Bluefish in the Suds | June 12 Report

Cape Cod Fishing Report

cape cod fishing report

Garet reeling in a bluefish that whacked a plug just yards off the beach.

I’m not usually a huge fan of catching bluefish, but when they are whacking top water plugs cast from shore I am 100% in.

Fortunately here on Cape Cod, we see a nice run of bluefish along the beachfront each spring.  May and June, in my experience, has always been prime time for targeting bluefish from shore.

Catching bluefish from the beach is pretty simple stuff for the most part.  To catch a blue from shore you really only need to focus on three things:

  1. Locate a beach that has been holding bluefish
  2. Go to the beach around sunrise/sunset with top water plugs
  3. Bomb the top water plug out as far as you can and work it quickly along the surface

If the bluefish are around you will soon find out!

To make life easier for yourself, remove the treble hooks from your plug and replace them with singles.  You may also want to tie on a wire leader to avoid getting bitten off.  If you haven’t fished for bluefish before, be extra careful and keep your fingers away from their extremely sharp and powerful teeth.

I’d also recommend bringing along a sand spike.  This way when you land a bluefish, you can place your rod in the sand spike and have two hands free to corral the bluefish.

One of the primary baits that bluefish are chasing this time of the year is squid.  Squid are really athletic and quick prey items, so the bluefish has to exert some serious energy to catch them.  What this means is that the blues will be, for the most part, super aggressive and willing to put on quite the acrobatic show.

You’ll have your best chance of finding blues if you locate a beach that has squid holding off it.  Then when the wind turns and blows towards the beach, the organisms at the bottom of the food chain are blown in towards shore.  Next come the small minnows to feed on the small organisms.  Chasing the minnows are the squid and chasing the squid are the blues.

Luckily this is the exact situation Garet and I found ourselves in yesterday.  The wind was howling and the bluefish were holding very close to shore.

It only took 3 casts to hook up with the first blue of the day.  Like I said before, I’m usually cursing bluefish when they are chopping up my live eels, but this guy put up one heck of a good fight and actually pulled some decent line from my light tackle setup.  How could I not find this fun?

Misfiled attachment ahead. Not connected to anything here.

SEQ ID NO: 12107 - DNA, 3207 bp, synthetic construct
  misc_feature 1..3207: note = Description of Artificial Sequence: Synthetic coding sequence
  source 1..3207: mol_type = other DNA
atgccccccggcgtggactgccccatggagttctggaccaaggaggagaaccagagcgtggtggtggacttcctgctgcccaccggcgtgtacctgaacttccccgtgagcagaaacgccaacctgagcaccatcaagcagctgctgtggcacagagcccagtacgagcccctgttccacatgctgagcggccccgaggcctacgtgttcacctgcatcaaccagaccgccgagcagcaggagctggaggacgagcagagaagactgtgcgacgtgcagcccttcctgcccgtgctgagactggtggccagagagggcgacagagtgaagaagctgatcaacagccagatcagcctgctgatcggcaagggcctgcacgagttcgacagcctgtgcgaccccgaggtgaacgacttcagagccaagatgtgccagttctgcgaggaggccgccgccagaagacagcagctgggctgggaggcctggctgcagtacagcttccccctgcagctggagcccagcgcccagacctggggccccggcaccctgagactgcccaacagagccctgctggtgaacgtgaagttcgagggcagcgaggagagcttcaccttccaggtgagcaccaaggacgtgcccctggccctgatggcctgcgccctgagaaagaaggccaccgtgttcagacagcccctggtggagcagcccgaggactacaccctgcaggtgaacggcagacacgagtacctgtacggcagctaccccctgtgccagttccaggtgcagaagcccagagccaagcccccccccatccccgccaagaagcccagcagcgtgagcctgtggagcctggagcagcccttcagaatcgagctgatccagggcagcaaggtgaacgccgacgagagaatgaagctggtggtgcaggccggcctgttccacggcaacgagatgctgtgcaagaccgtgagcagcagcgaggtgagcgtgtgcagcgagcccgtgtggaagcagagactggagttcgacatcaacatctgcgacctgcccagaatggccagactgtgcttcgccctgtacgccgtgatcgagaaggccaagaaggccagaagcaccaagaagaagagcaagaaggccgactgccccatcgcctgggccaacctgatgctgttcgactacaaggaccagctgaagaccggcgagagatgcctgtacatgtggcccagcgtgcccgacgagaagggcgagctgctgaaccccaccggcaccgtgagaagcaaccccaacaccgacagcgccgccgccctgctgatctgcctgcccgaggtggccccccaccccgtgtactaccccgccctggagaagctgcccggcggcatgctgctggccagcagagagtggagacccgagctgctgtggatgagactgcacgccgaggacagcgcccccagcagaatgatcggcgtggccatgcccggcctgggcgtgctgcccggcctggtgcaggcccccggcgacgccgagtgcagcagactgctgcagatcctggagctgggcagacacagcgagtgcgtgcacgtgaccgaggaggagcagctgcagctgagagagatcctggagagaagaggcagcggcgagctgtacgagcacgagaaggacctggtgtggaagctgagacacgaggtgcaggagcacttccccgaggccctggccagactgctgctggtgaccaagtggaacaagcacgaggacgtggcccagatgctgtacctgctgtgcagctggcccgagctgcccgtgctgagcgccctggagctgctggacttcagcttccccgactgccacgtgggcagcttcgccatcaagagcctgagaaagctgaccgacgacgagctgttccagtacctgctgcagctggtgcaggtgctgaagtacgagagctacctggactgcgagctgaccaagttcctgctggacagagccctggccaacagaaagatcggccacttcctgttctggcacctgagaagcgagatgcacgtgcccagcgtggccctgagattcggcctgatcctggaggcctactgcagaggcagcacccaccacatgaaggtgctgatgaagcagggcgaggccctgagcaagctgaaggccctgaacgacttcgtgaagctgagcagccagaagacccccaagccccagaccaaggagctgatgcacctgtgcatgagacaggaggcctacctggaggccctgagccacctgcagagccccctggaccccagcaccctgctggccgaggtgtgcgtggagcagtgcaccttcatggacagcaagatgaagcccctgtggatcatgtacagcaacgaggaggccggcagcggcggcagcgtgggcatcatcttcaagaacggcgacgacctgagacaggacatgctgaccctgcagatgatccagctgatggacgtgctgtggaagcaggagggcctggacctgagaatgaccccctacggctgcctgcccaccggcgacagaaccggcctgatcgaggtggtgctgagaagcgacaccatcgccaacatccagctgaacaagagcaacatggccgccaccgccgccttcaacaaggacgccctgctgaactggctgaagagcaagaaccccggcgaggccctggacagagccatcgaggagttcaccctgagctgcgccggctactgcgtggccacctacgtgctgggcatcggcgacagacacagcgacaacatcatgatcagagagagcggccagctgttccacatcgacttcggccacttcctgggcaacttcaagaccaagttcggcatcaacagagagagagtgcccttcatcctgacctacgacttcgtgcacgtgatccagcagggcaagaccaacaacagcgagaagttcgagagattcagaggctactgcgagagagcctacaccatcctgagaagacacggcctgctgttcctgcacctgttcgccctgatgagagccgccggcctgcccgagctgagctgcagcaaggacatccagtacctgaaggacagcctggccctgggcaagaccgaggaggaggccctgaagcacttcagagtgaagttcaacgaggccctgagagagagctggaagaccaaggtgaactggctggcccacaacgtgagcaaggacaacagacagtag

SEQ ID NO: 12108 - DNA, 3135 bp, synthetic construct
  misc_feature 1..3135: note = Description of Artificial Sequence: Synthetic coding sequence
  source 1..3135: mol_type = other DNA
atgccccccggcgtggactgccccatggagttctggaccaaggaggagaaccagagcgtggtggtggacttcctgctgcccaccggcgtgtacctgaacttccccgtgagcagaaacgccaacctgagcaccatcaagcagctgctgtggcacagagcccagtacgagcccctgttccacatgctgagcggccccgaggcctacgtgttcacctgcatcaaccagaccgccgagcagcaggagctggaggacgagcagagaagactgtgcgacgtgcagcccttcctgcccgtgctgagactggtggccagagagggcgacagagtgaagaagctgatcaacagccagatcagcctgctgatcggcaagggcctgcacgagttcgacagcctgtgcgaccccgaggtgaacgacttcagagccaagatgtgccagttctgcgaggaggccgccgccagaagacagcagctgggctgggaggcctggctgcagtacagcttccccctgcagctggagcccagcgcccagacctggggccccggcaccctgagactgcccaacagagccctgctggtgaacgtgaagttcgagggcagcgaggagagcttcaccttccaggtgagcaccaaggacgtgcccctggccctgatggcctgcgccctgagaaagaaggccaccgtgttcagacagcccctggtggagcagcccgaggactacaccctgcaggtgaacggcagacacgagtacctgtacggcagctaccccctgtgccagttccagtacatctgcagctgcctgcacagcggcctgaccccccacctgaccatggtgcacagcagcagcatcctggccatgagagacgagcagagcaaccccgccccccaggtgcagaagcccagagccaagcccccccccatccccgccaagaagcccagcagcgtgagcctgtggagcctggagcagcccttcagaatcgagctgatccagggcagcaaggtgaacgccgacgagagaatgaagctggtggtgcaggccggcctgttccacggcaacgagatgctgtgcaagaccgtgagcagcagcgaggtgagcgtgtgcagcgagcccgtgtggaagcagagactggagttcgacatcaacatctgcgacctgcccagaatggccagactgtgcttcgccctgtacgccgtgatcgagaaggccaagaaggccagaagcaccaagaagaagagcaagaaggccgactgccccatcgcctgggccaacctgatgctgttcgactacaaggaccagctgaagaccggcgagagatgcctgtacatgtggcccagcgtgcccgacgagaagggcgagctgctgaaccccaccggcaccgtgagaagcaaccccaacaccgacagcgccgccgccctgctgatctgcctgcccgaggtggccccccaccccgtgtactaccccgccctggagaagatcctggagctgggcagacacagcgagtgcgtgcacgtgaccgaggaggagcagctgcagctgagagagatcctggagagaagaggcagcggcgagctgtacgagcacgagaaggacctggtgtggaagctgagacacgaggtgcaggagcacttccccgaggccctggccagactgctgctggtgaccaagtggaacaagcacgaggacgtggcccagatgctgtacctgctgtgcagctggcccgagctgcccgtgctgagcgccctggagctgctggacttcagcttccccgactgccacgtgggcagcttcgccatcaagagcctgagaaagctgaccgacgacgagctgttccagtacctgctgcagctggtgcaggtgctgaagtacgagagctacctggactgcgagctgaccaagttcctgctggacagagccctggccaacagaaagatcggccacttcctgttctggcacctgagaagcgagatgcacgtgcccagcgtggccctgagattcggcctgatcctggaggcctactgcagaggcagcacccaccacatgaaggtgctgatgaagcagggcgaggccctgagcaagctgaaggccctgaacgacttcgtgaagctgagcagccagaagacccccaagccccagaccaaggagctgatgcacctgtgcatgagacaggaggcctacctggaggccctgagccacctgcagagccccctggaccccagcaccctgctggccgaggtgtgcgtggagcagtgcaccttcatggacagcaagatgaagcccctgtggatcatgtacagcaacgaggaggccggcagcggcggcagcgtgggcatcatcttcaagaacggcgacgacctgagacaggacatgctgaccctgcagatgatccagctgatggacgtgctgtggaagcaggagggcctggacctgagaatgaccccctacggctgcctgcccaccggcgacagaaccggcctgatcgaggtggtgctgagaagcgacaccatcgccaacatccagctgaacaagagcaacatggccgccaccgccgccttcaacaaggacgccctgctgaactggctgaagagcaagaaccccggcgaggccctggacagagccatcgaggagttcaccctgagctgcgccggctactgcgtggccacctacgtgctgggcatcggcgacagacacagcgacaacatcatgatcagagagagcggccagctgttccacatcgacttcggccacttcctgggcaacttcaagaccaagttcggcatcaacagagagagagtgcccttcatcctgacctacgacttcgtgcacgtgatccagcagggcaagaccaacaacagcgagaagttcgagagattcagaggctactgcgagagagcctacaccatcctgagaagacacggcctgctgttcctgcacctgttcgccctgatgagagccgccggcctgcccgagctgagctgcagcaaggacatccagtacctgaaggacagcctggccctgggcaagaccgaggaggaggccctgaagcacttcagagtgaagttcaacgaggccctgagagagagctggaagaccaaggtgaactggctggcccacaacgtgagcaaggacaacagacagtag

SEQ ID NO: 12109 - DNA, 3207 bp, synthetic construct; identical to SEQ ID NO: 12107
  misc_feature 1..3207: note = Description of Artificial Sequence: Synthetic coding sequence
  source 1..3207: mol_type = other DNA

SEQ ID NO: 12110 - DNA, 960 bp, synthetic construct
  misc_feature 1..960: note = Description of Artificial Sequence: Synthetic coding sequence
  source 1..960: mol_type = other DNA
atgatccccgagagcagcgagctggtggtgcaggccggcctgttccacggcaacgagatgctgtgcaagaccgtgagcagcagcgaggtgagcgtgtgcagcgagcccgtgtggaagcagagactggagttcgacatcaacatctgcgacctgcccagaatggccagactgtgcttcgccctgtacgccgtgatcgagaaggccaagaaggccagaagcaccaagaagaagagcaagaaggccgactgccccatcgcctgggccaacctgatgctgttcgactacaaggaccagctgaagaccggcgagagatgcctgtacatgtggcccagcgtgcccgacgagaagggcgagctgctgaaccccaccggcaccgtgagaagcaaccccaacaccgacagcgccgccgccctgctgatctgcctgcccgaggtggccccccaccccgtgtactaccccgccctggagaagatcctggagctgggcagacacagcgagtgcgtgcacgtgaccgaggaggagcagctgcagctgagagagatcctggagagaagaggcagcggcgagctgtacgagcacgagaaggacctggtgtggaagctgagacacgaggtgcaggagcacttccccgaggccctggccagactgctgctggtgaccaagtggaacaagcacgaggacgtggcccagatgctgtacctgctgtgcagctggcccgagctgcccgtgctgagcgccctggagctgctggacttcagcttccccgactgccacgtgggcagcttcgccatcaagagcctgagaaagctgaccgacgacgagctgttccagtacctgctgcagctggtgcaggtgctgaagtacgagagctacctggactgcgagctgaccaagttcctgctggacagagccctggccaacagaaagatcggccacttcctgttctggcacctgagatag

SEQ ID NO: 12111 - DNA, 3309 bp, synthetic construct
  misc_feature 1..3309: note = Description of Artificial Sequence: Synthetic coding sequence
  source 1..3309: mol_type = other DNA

Garet and I continued casting directly into a rather stiff breeze, and were able to elicit a strike every 5-10 casts.  The blues were going nuts on the plug and had no trouble whacking it completely out of the water which is always exciting.

We spent around 45 minutes on the sand and hooked and released 4 or 5 blues.  Most of the blues were on the smaller end of the spectrum.  These blues would have looked awesome underneath a kite out at Stellwagen!

I’m sure we could have continued catching but a handful of bluefish is really all it takes to keep Garet and I happy.  We opted for calling it quits early and grabbing a slice of pizza on the ride home.

Just another fun afternoon fishing Cape Cod.  I’d imagine the bluefish bite will remain strong for at least a few more days if not longer.  If you are looking to cash in on some fun top water action I’d highly recommend grabbing some poppers and hitting the suds.

Click here for more information on the best Cape Cod beaches to target bluefish over the next few days.

Tight lines, good luck and enjoy the rest of your week!

Ryan

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by Ryan Collins

My Fishing Cape Cod is all about helping you have a more fun Cape Cod fishing experience. Enjoy!

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